iOS 10 is here. As James has already written about, the upgrades to Messages is one of the most exciting changes in iOS 10. It’s certainly the area that most people I know have been interested in. The common theme is that it seems ‘un-Apple’.
There’s a lot to take in, and a lot you can do within the single app. It’s a platform, and as part of the wider iOS 10 system, it’s where we’ll start seeing subscriptions ruling our app behaviour.
You see, ‘Freemium’ is now the typical model for developers. To help developers, Apple has introduced a new subscription model, where after the first year, Apple drops it’s 30% cut to 15%. The drop is great for developers, but it could spell trouble down the line.
While Android may command over 85% of the smartphone market, iOS users generate twice the amount of revenue. Even Google makes 75% of its mobile revenue from iOS. iOS is where the money is, so the subscription model will likely appeal to many developers, many of which are struggling to monetise their apps.
But there’s a problem. Here’s what I’m currently paying for every month:
Apple Music Family Plan – £14.99
200GB iCloud Storage – £2.49
Netflix – £7.49
Amazon Prime – £6.58
NowTV – £3.49 (but usually £7.99)
Wired – £1.42
Vanity Fair – £2.49
GQ – £1.99
The Sunday Times – £8.00
Total over 12 months: £644.88
That’s excluding my phone contract, the cost of insurance, the cost of the phone over time and other monthly outgoings such as rent, bills, travel, gym, food, etc.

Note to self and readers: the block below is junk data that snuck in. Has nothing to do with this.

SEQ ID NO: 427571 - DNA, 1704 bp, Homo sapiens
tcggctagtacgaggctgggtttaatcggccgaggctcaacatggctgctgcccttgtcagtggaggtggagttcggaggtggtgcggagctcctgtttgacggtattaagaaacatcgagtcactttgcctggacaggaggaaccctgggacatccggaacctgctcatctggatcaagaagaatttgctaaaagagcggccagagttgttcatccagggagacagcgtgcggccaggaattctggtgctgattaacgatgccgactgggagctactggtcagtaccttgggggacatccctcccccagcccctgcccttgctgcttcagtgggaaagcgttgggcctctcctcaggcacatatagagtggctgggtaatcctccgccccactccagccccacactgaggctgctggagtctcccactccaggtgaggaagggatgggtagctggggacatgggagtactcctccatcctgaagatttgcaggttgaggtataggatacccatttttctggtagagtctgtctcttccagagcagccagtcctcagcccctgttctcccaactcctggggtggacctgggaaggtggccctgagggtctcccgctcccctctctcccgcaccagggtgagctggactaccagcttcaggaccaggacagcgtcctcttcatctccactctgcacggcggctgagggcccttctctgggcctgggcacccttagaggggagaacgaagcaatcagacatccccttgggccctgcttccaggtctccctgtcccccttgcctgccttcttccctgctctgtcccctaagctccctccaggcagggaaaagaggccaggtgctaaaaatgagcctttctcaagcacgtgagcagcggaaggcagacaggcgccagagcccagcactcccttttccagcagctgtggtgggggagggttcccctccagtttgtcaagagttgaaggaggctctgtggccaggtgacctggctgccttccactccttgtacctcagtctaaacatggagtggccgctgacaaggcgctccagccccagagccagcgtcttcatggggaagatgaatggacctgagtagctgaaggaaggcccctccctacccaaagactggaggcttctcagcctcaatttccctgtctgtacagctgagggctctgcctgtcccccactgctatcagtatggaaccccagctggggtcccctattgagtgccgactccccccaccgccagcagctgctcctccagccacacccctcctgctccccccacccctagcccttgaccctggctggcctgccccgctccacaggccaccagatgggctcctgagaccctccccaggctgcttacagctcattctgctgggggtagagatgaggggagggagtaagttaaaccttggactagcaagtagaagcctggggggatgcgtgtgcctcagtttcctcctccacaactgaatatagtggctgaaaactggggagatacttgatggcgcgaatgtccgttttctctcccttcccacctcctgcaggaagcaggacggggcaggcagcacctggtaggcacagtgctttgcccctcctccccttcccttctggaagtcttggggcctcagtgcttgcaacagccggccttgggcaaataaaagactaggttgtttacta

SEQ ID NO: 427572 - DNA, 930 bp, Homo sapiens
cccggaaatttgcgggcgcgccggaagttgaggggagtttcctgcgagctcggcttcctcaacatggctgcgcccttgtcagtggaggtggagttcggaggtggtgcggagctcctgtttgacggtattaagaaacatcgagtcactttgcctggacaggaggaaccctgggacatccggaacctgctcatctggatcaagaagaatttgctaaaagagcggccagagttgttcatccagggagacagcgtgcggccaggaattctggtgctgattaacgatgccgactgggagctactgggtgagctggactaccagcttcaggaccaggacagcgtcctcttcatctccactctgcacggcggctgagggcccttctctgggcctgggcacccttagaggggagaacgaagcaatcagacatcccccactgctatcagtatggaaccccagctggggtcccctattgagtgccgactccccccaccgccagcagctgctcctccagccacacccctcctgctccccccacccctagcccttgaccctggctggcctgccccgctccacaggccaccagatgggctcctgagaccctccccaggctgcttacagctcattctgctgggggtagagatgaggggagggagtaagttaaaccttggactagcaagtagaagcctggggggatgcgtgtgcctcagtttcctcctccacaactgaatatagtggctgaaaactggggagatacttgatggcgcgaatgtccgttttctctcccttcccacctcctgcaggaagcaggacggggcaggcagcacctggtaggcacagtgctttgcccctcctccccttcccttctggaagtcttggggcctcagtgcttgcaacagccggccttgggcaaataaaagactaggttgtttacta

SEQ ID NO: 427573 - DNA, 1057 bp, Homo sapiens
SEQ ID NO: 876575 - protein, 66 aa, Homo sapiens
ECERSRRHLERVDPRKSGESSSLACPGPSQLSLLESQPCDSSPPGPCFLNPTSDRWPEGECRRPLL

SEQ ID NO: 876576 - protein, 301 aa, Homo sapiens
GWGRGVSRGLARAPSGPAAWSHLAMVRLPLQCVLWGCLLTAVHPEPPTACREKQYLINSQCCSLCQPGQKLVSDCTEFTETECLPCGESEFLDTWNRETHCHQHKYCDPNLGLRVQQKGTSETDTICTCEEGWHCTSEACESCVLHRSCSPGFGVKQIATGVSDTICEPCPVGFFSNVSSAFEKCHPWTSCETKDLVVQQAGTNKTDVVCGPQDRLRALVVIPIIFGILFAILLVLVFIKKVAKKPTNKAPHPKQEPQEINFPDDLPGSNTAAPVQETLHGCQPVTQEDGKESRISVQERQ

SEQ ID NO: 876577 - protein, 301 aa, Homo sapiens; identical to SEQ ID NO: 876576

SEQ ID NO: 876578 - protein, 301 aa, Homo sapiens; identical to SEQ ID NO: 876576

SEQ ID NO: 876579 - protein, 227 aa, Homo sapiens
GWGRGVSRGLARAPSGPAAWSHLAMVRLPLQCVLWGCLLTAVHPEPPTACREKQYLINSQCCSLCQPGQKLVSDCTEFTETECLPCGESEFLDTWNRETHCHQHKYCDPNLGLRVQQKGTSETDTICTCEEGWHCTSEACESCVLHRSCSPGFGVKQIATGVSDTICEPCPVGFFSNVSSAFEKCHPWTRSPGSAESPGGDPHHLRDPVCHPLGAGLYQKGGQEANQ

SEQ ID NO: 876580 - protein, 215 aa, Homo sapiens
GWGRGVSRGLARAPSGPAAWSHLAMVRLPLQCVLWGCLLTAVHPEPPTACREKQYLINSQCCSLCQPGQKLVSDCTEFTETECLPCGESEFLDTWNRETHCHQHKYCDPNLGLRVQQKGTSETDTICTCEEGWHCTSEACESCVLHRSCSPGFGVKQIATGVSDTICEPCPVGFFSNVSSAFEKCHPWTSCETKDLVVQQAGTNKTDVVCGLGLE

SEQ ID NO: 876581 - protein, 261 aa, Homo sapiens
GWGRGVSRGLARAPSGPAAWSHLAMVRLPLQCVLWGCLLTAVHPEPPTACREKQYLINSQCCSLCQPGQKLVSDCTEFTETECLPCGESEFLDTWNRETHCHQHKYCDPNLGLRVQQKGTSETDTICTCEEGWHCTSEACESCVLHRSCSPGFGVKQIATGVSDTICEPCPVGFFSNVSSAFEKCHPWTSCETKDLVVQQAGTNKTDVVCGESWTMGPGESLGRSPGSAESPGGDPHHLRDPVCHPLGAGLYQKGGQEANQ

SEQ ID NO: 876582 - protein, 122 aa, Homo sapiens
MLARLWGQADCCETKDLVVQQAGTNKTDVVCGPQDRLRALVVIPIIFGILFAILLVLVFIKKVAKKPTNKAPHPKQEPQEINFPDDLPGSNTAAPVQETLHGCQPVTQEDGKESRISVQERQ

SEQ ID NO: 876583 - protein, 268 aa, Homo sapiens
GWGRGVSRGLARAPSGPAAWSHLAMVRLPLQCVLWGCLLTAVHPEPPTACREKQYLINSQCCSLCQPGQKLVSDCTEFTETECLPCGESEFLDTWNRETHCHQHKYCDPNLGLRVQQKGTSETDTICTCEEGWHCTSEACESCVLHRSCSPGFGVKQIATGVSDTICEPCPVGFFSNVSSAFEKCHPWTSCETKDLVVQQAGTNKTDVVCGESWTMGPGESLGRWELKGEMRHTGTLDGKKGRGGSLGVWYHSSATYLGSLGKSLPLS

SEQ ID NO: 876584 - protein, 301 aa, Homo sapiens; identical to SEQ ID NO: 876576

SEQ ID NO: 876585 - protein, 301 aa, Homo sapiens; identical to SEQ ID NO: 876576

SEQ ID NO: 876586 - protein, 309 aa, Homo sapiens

Now, of course, I don’t need to subscribe to the magazines. I also share out my video subscriptions with family members and have family members on my Apple Music Plan, but I don’t see why I should get people to pay for something I’d be using regardless.
These costs also exclude my Office 365 subscription, as I’m using one of my father’s family slots.
The point is, if people already have subscriptions and sit down to work out their monthly outgoings, are they likely to want to add more subscriptions to their lives? My hunch is no. Unless the app or service in question brings enough value, they aren’t going to do it.
The danger here for smaller developers is that larger companies can bundle big services into ‘affordable’ bundles. There is probably a larger market for people who will pay monthly for a music subscription, or Adobe Creative Club, or Microsoft Office, or Video on Demand than there is for a weather app.
As Messages grows as a platform, Facebook Messenger pivots to being a platform and other companies are trying to deliver increasingly attractive over the top services; subscriptions are the method they may choose. After all, there is no way Apple is going to allow adverts to infiltrate your Messages. Developers need to monetize somehow. It’s just whether they can prove their value, or bundle packages together.
So developers, when you are thinking about subscriptions with iOS 10, consider:
- Do you need a subscription, or are you just wanting to test it?
- What are the main subscriptions the user might have?
- How much ongoing value are you providing? Do you already have high engagement?
- What benefit will the user get from subscribing? More features, or no ads?
- Are you going to do a low monthly, or a low yearly subscription?
- How are you going to promote and communicate it?
Now excuse me while I go and cry in the corner having worked out how much I’m spending on subscriptions.